Can you share the most interesting story that happened to you since you began leading your company?
It has astounded me how much we’ve genuinely become a part of our guests’ lives through the years. Whenever I meet someone on a plane or in the bakery, they almost always share with me their favorite treat, the last time they enjoyed it, who they were with, & what they were celebrating! This is also usually accompanied by sharing a celebratory picture of the cake. It has also been incredibly interesting to see all the many unique and special moments guests celebrate with SusieCakes beyond birthdays, anniversaries, & weddings. . . I’ve received thousands of emails from guests who have had our cakes as part of such celebrations as: a cancer-free milestone, buying a home for the first time, running their first 5K, their dog’s 18th birthday, making a hole in one, learning to walk after being told they never would, having their child read their first book, and the list just goes on. I am humbled by every one of these moments we are a part of.
Can you share a story about the funniest mistake you made when you were first starting? Can you tell us what lesson you learned from that?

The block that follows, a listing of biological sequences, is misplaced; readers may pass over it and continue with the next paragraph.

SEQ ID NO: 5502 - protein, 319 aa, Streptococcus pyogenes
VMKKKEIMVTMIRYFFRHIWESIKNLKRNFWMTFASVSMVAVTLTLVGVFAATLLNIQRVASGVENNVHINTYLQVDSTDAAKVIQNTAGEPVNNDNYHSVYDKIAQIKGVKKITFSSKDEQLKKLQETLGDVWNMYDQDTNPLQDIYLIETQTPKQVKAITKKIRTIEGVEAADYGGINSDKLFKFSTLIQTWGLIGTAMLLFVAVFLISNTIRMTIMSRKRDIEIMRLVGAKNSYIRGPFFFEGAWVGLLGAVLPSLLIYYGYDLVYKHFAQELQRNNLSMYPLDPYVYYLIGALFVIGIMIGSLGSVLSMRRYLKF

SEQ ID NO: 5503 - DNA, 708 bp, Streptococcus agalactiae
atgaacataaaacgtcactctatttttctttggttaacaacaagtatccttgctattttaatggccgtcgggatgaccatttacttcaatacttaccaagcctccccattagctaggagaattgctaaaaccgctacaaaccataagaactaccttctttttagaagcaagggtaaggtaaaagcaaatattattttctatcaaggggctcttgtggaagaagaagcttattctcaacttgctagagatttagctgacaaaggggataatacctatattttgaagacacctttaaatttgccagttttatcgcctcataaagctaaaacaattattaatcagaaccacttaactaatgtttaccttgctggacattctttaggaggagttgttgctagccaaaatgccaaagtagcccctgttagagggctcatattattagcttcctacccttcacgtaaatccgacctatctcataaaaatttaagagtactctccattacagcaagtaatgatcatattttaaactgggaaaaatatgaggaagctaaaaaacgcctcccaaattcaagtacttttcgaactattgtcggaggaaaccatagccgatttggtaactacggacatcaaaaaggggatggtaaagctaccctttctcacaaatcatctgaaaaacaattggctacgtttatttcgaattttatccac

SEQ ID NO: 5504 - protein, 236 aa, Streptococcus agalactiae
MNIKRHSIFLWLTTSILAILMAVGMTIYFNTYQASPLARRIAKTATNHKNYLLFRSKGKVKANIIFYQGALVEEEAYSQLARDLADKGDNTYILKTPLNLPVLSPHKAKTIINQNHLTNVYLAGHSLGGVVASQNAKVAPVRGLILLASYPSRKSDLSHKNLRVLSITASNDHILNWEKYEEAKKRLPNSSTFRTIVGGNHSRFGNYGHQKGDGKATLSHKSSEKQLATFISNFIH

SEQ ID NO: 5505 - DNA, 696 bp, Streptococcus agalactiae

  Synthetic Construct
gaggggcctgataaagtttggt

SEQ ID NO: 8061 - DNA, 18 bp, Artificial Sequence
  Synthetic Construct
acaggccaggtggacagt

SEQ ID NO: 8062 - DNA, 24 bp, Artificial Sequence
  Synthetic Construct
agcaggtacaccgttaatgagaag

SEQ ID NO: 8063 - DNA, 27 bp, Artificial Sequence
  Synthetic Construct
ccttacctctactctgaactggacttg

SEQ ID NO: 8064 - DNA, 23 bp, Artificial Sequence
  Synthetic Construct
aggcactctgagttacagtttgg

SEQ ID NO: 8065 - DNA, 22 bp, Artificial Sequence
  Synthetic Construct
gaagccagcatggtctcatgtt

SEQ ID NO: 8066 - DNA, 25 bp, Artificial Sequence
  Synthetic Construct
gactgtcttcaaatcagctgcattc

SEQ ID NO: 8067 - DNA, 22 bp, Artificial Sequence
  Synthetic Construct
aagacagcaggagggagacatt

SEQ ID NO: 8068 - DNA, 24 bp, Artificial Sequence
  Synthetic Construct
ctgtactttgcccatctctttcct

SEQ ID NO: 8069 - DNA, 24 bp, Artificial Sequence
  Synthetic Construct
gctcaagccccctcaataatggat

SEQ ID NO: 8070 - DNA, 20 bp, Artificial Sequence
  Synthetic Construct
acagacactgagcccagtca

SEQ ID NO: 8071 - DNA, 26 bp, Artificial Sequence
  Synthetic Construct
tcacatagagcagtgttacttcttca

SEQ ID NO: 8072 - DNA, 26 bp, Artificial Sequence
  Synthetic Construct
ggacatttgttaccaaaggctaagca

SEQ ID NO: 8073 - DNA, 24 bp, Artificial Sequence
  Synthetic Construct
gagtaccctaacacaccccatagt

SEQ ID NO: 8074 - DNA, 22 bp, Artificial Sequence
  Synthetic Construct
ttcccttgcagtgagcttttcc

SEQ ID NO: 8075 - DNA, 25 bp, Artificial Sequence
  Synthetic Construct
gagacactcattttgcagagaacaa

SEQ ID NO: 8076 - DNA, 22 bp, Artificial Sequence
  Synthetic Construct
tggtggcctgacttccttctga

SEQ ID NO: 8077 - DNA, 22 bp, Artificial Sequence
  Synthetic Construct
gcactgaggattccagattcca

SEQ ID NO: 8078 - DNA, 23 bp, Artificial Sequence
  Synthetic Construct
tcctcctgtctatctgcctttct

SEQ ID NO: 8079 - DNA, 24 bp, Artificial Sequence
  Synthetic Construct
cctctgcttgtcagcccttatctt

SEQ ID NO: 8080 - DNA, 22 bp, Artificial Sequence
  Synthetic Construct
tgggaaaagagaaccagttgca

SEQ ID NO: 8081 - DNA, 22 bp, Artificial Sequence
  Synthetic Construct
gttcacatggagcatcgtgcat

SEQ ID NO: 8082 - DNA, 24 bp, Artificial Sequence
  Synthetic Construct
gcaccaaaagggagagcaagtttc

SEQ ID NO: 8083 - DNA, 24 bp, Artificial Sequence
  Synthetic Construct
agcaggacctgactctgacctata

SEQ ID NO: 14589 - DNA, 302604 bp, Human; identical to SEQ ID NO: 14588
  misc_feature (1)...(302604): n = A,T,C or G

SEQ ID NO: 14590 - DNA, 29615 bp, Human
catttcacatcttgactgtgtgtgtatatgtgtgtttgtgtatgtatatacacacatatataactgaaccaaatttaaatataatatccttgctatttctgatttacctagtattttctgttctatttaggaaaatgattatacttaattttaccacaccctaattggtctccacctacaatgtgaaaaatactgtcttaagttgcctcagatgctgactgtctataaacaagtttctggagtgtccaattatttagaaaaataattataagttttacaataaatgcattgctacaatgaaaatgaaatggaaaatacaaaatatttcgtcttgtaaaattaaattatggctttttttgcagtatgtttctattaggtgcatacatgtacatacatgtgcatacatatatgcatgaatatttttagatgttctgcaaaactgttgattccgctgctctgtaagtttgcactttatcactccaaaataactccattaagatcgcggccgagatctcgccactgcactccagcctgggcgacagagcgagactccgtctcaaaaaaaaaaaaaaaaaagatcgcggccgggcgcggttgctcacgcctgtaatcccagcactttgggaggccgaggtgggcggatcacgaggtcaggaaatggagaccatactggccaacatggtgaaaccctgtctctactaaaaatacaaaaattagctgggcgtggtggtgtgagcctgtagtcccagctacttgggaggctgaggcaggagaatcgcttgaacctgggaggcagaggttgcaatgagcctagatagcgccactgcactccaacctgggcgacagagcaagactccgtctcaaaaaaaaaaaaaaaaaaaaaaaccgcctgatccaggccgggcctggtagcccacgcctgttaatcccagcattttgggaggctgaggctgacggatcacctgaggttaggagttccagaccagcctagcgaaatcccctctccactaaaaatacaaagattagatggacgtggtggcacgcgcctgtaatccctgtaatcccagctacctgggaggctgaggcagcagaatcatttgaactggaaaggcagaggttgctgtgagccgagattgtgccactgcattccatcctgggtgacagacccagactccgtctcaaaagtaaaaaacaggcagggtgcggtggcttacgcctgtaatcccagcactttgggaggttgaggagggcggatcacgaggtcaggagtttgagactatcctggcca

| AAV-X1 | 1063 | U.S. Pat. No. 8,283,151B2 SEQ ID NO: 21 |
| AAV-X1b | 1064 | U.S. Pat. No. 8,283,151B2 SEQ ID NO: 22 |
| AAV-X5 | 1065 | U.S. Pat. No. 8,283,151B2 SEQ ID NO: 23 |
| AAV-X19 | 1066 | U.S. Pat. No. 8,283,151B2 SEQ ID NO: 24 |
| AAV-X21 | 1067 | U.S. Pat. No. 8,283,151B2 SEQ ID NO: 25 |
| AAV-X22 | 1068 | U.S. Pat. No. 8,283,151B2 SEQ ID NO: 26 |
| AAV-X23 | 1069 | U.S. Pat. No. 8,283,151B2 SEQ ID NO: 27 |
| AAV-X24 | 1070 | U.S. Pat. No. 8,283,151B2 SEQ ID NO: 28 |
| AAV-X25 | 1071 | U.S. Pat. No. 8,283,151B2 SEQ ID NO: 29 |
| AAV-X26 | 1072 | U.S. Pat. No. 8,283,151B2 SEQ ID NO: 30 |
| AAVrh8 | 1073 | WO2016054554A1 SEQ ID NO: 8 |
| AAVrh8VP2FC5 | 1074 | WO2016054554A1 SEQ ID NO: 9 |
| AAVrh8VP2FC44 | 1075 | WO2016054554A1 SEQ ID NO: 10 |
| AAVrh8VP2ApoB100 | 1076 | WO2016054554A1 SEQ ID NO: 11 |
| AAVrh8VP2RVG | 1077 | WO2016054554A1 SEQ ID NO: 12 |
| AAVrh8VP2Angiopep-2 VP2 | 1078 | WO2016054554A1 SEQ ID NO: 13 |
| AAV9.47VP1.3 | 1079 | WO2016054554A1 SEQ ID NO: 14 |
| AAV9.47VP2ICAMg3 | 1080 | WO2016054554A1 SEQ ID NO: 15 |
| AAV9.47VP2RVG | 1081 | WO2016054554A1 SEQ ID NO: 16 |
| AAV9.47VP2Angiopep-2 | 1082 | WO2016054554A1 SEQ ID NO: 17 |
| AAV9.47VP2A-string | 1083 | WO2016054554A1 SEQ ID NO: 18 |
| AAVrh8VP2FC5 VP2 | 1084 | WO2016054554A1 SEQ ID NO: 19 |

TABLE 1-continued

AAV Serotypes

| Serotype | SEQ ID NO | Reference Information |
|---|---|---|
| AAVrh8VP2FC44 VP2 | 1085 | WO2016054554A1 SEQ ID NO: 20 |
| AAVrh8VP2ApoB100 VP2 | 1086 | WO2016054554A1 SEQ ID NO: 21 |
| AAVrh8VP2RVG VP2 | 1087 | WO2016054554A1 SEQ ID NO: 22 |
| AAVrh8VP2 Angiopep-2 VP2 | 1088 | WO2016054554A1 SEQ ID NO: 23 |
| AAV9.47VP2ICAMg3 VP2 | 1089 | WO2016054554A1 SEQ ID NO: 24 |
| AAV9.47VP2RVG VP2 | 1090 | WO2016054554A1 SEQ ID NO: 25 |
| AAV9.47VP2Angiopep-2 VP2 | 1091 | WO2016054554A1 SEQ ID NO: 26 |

It wasn’t funny at the time, but one year we didn’t receive enough pumpkin from our supplier to make enough pies for our single busiest day (the day before Thanksgiving). We had the teams, myself included, running around to grocery stores, filling up carts with as many small cans of pumpkin we could find! I learned planning ahead for the “worst case” is always a good idea. I can assure you; we now stockpile pumpkin in September!
None of us are able to achieve success without some help along the way. Is there a particular person who you are grateful towards who helped get you to where you are? Can you share a story about that?
I’m grateful to the landlord that gave me the opportunity to open the first SusieCakes location in Brentwood. As a new business owner, establishing credibility is difficult — you have to be ready to pitch your ideas to anyone that is willing to take a chance on you. At first, he was hesitant on taking a chance on me, but I kept showing him my plan and baking treats for him and his family. Eventually, he agreed to issue me a lease, saying that if I was this passionate about getting the location, he assumed would go to great lengths to make sure my business succeeded. I encourage aspiring female founders to persevere through any hardships they will face.